TCM Archive Materials VIEW ALL ARCHIVES (0)
Jennifer Lopez - NOT AVAILABLE
Find what you're looking for faster. Use the search field below to shop for titles.
|Also Known As:||Jennifer Lynn Lopez||Died:|
|Born:||July 24, 1969||Cause of Death:|
|Birth Place:||Bronx, New York, USA||Profession:||singer, actor, dancer, clerical worker in a bank|
Biography CLOSE THE FULL BIOGRAPHY
An ambitious triple threat who went from dancer to top shelf actress to best-selling recording artist, Jennifer Lopez was able to maintain a high level of publicity throughout a majority of her career, even when negative press managed to enter her orbit. After getting her start as a "Fly Girl" on the hit variety series "In Living Color" (Fox, 1990-94), Lopez broke through with a strong leading performance in the biopic "Selena" (1997), playing the famed Tejano singer who was tragically murdered by an obsessed fan. But it was her onscreen chemistry and believable portrayal of a federal agent falling for an escaped convict in "Out of Sight" (1998) that propelled her into the limelight - to say nothing of the infamous Versace green dress with plunging neckline that took the world by storm. Lopez immediately became the prime topic of the tabloids, which took pleasure in detailing her relationships with Sean Combs, Ben Affleck, Chris Judd and Marc Anthony. Meanwhile, Lopez launched a second career as a top recording artist and repackaged herself as J.Lo, which helped buttress the box office failures of below par features like "Angel Eyes" (2001), "Enough" (2002) and "Gigli" (2003). By the time she...
An ambitious triple threat who went from dancer to top shelf actress to best-selling recording artist, Jennifer Lopez was able to maintain a high level of publicity throughout a majority of her career, even when negative press managed to enter her orbit. After getting her start as a "Fly Girl" on the hit variety series "In Living Color" (Fox, 1990-94), Lopez broke through with a strong leading performance in the biopic "Selena" (1997), playing the famed Tejano singer who was tragically murdered by an obsessed fan. But it was her onscreen chemistry and believable portrayal of a federal agent falling for an escaped convict in "Out of Sight" (1998) that propelled her into the limelight - to say nothing of the infamous Versace green dress with plunging neckline that took the world by storm. Lopez immediately became the prime topic of the tabloids, which took pleasure in detailing her relationships with Sean Combs, Ben Affleck, Chris Judd and Marc Anthony. Meanwhile, Lopez launched a second career as a top recording artist and repackaged herself as J.Lo, which helped buttress the box office failures of below par features like "Angel Eyes" (2001), "Enough" (2002) and "Gigli" (2003). By the time she introduced her perfume and clothing lines, Lopez had established herself as a multifaceted force to be reckoned with, while becoming one of the richest and most influential Hispanic entertainers of all time.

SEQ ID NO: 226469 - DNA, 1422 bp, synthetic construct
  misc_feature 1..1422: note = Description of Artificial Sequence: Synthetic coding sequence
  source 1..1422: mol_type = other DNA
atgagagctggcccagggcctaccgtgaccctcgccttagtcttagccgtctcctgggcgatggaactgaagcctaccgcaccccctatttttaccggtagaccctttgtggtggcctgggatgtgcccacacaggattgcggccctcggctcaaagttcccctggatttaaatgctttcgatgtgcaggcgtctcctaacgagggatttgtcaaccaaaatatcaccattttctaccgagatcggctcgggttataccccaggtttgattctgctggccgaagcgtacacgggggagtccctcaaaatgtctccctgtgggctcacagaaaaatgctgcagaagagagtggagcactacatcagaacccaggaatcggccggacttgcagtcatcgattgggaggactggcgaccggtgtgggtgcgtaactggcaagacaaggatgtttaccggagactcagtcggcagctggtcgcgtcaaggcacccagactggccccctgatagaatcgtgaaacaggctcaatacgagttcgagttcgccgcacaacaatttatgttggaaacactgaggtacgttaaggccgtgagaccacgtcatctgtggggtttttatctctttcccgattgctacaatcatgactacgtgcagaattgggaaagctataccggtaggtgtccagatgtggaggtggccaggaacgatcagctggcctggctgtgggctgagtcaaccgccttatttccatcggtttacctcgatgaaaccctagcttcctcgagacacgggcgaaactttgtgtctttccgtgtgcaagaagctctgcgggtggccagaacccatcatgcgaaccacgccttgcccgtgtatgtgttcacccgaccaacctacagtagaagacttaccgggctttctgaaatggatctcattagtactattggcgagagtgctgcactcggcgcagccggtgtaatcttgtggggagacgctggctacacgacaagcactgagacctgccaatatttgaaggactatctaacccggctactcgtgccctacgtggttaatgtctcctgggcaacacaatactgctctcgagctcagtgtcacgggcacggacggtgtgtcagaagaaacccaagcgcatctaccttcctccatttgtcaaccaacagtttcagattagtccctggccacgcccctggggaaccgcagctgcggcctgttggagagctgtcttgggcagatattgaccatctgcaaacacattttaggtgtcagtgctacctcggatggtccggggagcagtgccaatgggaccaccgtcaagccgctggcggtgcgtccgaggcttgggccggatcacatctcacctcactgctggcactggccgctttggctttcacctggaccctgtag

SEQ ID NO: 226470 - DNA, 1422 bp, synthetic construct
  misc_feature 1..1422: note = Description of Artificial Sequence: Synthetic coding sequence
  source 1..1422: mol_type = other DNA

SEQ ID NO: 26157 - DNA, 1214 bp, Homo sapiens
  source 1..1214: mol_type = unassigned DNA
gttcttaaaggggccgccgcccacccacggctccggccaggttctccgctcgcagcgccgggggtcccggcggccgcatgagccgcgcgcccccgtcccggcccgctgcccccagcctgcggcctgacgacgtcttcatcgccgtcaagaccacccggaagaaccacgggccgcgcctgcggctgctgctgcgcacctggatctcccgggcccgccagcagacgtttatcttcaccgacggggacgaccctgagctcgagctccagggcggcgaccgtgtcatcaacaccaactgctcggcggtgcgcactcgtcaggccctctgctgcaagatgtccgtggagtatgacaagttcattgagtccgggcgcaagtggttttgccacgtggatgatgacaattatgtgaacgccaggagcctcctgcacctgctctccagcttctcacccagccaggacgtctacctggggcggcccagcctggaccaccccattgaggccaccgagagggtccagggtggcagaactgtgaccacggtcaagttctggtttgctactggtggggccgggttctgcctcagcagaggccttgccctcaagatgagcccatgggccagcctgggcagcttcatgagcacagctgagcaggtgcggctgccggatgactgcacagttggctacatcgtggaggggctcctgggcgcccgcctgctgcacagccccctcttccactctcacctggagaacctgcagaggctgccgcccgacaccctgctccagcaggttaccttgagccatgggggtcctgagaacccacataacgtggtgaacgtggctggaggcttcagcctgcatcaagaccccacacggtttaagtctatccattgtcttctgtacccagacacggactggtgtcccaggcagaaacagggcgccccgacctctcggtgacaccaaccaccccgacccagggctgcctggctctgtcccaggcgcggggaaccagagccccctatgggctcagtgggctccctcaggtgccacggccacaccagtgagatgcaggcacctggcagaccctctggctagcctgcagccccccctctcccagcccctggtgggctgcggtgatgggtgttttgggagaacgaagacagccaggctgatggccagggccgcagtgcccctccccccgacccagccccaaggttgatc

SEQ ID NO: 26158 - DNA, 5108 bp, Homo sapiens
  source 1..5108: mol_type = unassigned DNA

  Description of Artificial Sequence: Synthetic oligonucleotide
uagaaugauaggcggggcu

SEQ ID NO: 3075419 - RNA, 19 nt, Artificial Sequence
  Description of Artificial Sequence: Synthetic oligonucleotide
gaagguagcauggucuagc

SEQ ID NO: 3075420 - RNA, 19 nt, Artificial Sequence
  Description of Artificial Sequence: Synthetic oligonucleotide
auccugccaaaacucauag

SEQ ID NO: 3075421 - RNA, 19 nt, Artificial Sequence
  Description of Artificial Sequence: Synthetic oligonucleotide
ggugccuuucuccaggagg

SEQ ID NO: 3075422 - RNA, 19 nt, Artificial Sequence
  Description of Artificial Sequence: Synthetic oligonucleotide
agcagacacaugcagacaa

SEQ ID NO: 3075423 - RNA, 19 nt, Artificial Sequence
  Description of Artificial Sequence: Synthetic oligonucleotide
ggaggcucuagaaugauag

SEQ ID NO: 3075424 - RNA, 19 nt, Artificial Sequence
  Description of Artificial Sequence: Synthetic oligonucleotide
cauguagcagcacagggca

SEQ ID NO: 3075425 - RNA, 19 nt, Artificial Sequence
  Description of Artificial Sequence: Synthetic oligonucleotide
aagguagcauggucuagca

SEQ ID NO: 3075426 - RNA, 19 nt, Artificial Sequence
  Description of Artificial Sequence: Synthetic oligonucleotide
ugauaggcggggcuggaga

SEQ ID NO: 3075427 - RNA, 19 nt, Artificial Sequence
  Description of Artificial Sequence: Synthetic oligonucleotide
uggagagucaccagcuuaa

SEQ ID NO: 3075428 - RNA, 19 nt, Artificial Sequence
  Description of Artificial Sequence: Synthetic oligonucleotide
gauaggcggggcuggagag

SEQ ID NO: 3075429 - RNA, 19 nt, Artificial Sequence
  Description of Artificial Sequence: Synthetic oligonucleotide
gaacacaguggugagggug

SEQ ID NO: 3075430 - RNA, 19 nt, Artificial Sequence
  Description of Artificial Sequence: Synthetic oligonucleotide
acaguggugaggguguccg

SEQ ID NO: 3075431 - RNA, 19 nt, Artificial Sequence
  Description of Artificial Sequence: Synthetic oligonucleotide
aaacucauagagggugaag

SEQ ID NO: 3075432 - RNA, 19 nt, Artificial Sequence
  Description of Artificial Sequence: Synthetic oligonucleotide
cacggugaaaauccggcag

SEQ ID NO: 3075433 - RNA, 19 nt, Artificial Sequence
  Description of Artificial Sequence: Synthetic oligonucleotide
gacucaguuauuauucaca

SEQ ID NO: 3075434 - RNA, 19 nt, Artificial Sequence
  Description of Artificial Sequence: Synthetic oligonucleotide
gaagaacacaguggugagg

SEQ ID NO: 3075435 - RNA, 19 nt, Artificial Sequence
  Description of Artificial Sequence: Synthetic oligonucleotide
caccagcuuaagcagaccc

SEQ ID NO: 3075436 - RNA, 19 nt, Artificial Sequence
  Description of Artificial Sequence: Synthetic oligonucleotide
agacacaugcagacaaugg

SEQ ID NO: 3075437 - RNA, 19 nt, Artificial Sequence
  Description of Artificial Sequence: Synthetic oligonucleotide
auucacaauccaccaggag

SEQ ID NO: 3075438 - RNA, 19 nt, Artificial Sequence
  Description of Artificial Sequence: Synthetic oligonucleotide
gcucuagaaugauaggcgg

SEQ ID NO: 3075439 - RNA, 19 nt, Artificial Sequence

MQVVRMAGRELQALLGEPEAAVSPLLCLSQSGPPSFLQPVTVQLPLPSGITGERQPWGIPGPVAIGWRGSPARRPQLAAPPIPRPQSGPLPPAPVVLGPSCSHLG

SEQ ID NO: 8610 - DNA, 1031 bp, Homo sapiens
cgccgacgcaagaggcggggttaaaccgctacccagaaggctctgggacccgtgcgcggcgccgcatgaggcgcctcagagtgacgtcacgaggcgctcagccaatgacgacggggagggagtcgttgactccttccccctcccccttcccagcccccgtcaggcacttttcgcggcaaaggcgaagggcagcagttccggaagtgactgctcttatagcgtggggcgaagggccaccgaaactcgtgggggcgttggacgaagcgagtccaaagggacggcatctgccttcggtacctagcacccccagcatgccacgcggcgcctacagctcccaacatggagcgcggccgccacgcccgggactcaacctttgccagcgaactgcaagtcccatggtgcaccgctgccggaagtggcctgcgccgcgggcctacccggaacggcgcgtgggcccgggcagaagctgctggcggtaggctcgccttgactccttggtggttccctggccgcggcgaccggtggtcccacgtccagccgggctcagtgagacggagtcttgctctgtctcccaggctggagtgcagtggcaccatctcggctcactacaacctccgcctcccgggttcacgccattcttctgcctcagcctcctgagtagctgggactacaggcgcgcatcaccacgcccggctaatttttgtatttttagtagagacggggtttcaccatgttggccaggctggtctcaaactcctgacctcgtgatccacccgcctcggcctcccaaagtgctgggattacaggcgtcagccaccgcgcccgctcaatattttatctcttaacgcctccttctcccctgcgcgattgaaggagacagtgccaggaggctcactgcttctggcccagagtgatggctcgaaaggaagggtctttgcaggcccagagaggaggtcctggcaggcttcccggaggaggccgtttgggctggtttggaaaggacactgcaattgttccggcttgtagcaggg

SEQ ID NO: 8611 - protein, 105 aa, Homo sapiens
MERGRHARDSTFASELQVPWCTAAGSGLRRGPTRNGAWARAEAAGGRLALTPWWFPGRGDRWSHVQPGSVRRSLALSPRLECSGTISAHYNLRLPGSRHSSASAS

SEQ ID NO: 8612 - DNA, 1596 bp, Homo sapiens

Filmographyclose complete filmography
CAST: (feature film)
Milestones close milestones
In December 1999, Lopez and her companion Sean 'Puffy' Combs (aka Puff Daddy) were arrested in connection with a shooting at a NYC nightclub after the vehicle in which they were passengers was spotted leaving the scene. Lopez was questioned for several hours but no charges were filed against her.
"You know what the great thing about Selena was? As a Latin woman in The United States, you're taught that you should be skinnier, that you shouldn't have such a big butt. You feel self-conscious. I did. I was really thin, but I had a booty on me that you would not believe, like two potatoes on sticks. But Selena went out there and wore tight things and showed her butt and all of sudden, young girls were like, 'You know what? I'm beautiful.' She embraced the fact that she was Latin and showed the world that there is beauty in diversity." --Jennifer Lopez in Movieline, October 1996.